Two elderly women chat with each other while making paper-cuts at a care center for the elderly in Huangjiayu Village, Rizhao, east China's Shandong Province, February 27, 2022. /Xinhua

Two elderly women chat with each other while making paper-cuts at a care center for the elderly in Huangjiayu Village, Rizhao, east China's Shandong Province, February 27, 2022. /Xinhua

To address the rights of older women and to support their healthy aging, the United Nations Population Fund advocates for governments to adopt a life cycle approach. This recognizes that a person's level of health and well-being in old age is determined by a series of lifetime events. Building the resilience of younger women now through investments in education, health and employment will enable them to maximize their social and economic potential over their life to age well. For example, an investment in adolescent health information and services helps teenage girls to adopt positive health behaviors and avoid negative outcomes, such as unintended pregnancies. Investment in affordable, quality sexual and reproductive health services and family support policies in the workplace help women to give birth safely, when and if they wish to have children, and, at the same time, maintain their careers whilst bringing up children, enabling them to reach old age with greater financial assets.

But what of the needs of older women today? How can we improve their wellbeing now? Some countries have introduced policies to support the retention of older workers through age-friendly and flexible employment opportunities. For example, South Korea has introduced the government-subsidized "Senior Internship Program" to promote the employment of older people and the "Age-Friendly Enterprises Program" which financially supports companies to increase their competitiveness through the insights of older people. Such initiatives can be specifically designed to address the barriers older women face in accessing formal employment.

For those older women engaged in unpaid care, financial support to family caregivers can relieve some of the economic burden. In the Netherlands, people who previously provided unpaid care to family members at home are now formally recognized and are paid at a certain proportion of the cost of institutional care. For those older women struggling with the affordability of their own care needs, Malaysia's Time Bank Volunteering Scheme offers participants credits for the time spent providing ad-hoc daily care to older people which they can redeem for goods and services.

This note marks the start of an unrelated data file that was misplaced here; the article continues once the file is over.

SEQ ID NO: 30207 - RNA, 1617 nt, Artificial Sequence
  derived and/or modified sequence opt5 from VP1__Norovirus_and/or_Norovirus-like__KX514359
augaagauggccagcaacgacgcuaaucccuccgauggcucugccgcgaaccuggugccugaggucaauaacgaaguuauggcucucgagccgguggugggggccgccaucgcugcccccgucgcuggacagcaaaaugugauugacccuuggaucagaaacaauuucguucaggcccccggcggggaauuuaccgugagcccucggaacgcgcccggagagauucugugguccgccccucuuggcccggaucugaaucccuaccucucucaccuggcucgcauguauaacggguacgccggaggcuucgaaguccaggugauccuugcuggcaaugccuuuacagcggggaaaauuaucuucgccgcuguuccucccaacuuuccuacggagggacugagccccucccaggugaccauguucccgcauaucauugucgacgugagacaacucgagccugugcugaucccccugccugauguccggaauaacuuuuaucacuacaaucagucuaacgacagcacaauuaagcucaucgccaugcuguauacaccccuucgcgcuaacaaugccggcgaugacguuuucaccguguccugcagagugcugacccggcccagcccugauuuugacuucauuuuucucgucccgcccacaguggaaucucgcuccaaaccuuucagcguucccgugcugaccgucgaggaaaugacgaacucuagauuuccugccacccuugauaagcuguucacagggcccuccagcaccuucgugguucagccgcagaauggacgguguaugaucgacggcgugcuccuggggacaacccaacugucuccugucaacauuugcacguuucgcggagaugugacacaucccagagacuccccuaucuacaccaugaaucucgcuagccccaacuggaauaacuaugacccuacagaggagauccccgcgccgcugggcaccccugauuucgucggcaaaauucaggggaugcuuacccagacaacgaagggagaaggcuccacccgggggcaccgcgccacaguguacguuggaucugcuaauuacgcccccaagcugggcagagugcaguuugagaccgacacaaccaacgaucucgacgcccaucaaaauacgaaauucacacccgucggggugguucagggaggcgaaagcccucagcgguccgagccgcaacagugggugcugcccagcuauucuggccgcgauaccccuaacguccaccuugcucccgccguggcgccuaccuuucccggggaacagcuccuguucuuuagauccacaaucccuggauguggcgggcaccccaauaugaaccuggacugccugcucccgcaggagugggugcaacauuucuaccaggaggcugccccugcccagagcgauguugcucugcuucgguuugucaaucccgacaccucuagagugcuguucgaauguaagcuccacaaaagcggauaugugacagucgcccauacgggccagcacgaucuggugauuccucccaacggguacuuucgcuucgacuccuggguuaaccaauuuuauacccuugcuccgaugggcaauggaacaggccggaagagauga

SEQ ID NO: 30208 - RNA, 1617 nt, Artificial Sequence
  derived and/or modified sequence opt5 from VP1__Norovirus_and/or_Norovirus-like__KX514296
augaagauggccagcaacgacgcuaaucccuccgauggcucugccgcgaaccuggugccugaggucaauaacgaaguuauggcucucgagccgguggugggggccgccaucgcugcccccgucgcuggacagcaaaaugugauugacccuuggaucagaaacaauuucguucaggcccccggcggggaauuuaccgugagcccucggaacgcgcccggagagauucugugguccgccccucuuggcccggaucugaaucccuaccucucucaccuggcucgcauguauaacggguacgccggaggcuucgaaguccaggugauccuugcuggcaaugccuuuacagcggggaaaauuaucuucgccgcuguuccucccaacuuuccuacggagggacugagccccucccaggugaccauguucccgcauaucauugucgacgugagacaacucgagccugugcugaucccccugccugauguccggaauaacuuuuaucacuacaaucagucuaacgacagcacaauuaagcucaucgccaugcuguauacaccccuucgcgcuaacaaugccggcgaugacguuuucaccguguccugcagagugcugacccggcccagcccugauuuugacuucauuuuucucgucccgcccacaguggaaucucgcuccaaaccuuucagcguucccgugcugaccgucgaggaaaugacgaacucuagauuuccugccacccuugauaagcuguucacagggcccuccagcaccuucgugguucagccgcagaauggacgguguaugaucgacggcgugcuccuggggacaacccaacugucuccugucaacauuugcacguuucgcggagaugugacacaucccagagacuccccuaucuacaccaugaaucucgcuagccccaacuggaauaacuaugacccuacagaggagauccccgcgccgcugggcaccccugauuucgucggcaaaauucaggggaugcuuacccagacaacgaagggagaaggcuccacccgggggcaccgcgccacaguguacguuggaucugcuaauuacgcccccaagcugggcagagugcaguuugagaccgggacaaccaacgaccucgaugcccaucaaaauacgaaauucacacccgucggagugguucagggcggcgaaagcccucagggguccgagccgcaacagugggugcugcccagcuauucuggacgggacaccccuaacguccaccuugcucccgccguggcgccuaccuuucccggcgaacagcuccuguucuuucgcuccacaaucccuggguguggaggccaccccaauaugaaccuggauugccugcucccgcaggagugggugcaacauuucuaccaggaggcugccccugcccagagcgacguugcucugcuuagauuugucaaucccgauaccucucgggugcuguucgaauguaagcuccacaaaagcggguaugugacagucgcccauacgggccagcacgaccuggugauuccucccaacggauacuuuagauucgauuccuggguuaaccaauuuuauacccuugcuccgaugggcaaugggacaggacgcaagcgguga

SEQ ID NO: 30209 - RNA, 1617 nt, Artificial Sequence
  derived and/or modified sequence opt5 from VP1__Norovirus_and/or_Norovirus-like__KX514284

Even for those aging well, healthcare needs increase with age. Where public healthcare expenditure is low and national health insurance covers only a small percentage of costs, older people are at risk of not being able to afford the high out-of-pocket expenditures. To support healthy aging, universal health coverage needs to address the specific barriers older people face in enjoying their right to health, from prevention through treatment to long-term and end-of-life care.

Finally, to support healthy aging in older women, governments need to address the rise of social isolation among older people which is a major contributor to their poor health; those who feel socially isolated or lonely are at a significantly higher risk of dementia, stroke and heart disease.

In the Asia Pacific region, more women than men over 65 live alone and older women in rural areas can be particularly vulnerable socially and economically. Some countries have developed initiatives to address social isolation. Australia introduced the FriendLine which allows isolated older people to have free, anonymous calls with volunteers and the community-led Village Hubs which aim to connect older people with their communities through a series of activities which in turn supports their physical, social and mental well-being.

It's time to look at aging societies not as a problem, but as a positive outcome of social and economic advancements. With the right investments across the life cycle to ensure healthy aging in a way that addresses the specific needs of women, societies can reap the benefits of the longevity dividend and their citizens can enjoy a happier, healthier old age.